PHOENIX (3TV/CBS 5) — An anti-critical race theory bill is making its way through the Arizona House. HB 2458 has certain restrictions on advocating and teaching race and ethnicity in the classroom, and on Tuesday afternoon, the House Education Committee passed it along party lines. The measure says staff can’t teach one race or ethnicity is better than the other, one race is inherently racist, a race or ethnicity is superior to others, moral character is determined by race, race guilt and more. Advocates say it keeps critical race theory out of Arizona schools, while opponents call it the “teacher gag law,” saying it prevents students from accurately learning about history. There would be a variety of penalties for any violations, including a $5,000 fine. In addition, a violation could be brought forward by a student, employee, or parent to the school district governing board.
Rep. Beverly Pingerelli, a Republican from Peoria and the bill’s sponsor, said teaching critical race theory would promote division among students. However, she also reassured board members that the bill would not jeopardize any AP classes if passed. “I’ve always taught our kids that you don’t ever look at somebody as a group. You look at them as an individual,” she said. “It’s step by step of one through seven of what will be an issue if it’s taught.”
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During the comment period, eighth-grade social studies teacher Marisol Garcia said her biggest concern about the bill was politicizing the classroom. “We can all agree that America goes through changes. It’s part of what makes America so great. My disappointment is that we’re spending it on issues like this but there are real issues facing our educators every single day,” she said.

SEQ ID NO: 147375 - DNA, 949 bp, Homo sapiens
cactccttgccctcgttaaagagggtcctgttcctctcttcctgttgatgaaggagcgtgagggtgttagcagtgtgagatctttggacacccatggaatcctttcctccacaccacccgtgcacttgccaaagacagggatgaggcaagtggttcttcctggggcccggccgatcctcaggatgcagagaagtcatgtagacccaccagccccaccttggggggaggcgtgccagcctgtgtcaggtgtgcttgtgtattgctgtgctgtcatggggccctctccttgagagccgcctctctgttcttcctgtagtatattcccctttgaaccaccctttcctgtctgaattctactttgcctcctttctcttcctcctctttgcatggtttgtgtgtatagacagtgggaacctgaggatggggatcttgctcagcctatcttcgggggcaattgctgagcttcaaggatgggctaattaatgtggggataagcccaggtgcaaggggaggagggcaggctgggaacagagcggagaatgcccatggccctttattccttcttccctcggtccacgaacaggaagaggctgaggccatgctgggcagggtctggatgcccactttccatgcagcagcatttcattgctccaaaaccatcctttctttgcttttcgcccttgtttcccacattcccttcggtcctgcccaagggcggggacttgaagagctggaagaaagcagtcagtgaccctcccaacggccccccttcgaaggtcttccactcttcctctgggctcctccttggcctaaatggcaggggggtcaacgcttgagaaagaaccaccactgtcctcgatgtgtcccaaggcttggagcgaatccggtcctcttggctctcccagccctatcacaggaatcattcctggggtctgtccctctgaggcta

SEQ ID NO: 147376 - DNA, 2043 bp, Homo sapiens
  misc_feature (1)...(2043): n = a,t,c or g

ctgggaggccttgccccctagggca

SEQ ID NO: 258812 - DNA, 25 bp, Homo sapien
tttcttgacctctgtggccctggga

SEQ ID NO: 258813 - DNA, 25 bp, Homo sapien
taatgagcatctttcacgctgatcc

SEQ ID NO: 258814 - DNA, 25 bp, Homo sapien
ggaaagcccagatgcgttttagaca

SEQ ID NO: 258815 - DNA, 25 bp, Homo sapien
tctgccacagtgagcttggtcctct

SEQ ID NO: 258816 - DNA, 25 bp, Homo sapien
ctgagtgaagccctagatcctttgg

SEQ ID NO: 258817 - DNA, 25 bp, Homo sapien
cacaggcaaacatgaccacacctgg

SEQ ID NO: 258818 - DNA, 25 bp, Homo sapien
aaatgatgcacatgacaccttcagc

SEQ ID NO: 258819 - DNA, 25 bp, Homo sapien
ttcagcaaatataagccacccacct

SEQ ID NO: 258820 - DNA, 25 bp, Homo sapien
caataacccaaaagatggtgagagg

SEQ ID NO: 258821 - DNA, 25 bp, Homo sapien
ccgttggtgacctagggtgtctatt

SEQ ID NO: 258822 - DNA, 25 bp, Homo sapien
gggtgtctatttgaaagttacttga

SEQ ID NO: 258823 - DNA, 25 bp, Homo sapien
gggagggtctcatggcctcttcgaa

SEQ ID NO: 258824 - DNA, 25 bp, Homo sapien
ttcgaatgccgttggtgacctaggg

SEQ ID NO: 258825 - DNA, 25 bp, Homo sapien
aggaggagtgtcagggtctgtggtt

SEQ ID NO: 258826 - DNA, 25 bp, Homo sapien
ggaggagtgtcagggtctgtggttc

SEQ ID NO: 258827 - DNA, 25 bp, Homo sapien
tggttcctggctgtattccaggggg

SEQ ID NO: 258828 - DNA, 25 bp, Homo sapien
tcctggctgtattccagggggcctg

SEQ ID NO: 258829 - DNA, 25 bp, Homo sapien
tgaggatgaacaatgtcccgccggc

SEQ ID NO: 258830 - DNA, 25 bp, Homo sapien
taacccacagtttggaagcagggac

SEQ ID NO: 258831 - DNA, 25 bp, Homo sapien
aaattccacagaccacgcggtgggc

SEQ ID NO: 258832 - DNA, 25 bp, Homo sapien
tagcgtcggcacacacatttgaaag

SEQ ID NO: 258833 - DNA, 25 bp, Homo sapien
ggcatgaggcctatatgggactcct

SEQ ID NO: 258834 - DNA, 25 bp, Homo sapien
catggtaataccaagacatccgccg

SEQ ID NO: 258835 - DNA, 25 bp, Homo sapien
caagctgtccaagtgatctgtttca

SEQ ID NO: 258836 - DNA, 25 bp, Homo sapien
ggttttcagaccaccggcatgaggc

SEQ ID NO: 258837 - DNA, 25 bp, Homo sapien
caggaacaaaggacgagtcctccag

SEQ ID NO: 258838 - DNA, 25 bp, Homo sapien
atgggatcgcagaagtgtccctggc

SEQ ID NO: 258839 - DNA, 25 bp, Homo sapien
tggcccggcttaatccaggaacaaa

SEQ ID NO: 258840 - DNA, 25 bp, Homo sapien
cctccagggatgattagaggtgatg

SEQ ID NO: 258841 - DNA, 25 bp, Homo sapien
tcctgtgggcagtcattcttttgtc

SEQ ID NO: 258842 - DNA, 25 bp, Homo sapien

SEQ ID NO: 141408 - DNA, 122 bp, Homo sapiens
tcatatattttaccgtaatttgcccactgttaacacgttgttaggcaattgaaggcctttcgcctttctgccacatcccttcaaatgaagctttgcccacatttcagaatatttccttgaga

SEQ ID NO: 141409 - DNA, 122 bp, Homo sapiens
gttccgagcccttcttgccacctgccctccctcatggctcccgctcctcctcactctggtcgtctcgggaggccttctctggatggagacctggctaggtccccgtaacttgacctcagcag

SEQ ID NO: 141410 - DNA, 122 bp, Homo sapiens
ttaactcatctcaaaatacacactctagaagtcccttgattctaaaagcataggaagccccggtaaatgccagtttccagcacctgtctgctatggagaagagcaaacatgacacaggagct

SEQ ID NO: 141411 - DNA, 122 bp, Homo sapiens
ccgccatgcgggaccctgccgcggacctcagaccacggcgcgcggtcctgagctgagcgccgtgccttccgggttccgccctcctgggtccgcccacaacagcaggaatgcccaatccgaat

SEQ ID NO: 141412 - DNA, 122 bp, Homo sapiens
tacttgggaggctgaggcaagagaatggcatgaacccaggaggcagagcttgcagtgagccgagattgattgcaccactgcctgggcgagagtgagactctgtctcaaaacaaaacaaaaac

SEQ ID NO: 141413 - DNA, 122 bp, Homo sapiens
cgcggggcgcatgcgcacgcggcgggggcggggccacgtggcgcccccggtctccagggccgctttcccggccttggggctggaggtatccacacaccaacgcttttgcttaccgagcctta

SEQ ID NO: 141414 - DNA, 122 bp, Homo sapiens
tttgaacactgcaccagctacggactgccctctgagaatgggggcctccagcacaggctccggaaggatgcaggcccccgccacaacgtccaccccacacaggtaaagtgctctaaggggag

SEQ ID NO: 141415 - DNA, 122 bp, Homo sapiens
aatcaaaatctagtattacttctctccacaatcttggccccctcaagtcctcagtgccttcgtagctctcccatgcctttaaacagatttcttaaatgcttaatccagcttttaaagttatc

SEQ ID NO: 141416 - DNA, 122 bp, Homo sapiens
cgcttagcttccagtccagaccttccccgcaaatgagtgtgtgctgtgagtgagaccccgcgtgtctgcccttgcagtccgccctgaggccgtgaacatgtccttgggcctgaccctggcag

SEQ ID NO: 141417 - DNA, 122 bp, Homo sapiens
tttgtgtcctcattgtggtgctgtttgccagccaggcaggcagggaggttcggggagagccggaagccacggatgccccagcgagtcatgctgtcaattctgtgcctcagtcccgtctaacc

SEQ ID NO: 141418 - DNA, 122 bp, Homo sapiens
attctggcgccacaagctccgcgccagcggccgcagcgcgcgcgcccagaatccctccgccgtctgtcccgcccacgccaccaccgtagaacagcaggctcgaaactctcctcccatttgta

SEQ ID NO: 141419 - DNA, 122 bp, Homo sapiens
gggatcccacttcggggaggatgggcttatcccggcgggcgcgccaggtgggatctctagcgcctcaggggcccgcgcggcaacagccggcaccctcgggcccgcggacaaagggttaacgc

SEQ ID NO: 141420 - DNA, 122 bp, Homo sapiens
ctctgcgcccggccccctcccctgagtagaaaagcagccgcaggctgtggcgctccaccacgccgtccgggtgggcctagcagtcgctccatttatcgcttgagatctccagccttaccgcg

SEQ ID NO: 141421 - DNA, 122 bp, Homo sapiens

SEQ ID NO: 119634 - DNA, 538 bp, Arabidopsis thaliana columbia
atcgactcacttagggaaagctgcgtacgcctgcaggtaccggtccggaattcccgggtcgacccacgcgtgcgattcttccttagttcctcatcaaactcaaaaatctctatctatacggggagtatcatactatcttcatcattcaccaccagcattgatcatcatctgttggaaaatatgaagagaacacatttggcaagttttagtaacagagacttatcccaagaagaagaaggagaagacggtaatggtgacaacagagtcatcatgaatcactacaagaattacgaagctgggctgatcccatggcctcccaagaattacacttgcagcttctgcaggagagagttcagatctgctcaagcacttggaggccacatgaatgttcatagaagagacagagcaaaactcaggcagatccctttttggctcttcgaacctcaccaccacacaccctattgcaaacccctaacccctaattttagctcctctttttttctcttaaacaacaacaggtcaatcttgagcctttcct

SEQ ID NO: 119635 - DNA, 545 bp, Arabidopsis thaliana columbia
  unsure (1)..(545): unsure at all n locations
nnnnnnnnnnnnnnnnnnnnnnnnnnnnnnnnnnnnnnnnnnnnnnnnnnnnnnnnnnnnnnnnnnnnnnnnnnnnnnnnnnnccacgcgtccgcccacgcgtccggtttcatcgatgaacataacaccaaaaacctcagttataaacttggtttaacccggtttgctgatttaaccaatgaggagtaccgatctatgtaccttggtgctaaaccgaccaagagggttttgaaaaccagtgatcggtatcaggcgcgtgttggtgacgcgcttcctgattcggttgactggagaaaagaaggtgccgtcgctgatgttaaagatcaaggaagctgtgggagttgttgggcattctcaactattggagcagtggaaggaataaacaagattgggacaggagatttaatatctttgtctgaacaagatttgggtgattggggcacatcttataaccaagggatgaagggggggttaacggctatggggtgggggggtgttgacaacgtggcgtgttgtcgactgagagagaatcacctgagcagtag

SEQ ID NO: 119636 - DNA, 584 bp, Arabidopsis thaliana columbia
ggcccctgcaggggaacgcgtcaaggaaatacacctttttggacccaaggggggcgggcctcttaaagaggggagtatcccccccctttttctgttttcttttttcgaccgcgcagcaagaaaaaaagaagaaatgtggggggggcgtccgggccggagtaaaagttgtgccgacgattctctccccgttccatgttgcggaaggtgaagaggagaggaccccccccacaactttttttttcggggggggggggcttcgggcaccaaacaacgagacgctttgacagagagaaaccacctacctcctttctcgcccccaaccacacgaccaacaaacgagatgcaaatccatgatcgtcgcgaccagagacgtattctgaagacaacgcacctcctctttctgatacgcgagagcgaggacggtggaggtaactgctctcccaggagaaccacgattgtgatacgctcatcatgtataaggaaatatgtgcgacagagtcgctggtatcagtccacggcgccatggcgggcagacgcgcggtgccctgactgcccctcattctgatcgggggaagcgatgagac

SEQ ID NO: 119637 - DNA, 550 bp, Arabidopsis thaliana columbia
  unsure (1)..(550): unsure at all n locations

Retired U.S. Army Staff Sgt. George Weatherly said he found the bill unconstitutional. “To think about what democracy looks like you have to go to a war zone. You guys sit on a higher social level than most people around here, so we are divided by social and political class,” he said. “I am on the school board to represent what a good African American man looks like, but I think what goes on here is that we don’t have dialogue. This bill is unconstitutional on several points.”
Parent Christina Rogers said she’s concerned for the future of her children’s classes if the bill doesn’t pass. Rogers said critical race theory was little more than “racially-motivated propaganda.” “Our graduation rate is 70%. That’s something we definitely need to focus on. If we continue to teach CRT, how can we teach [mixed race] children? Are they oppressors or are they victims? This is a sad thing they’re trying to teach our children,” she said.
Rep. Laura Terech, a Democrat from Peoria, was upset about the potential $5,000 in fines. “This will have a chilling impact on teacher recruitment, which is already at an absolute crisis level in our state,” she said. “We are making life harder and harder on Arizona teachers.” The bill passed 6-4 and is headed to the House floor. Even if it makes it out of the state Legislature, Gov. Katie Hobbs said she would veto bills similar to this one. Republicans don’t have the votes to override a veto.
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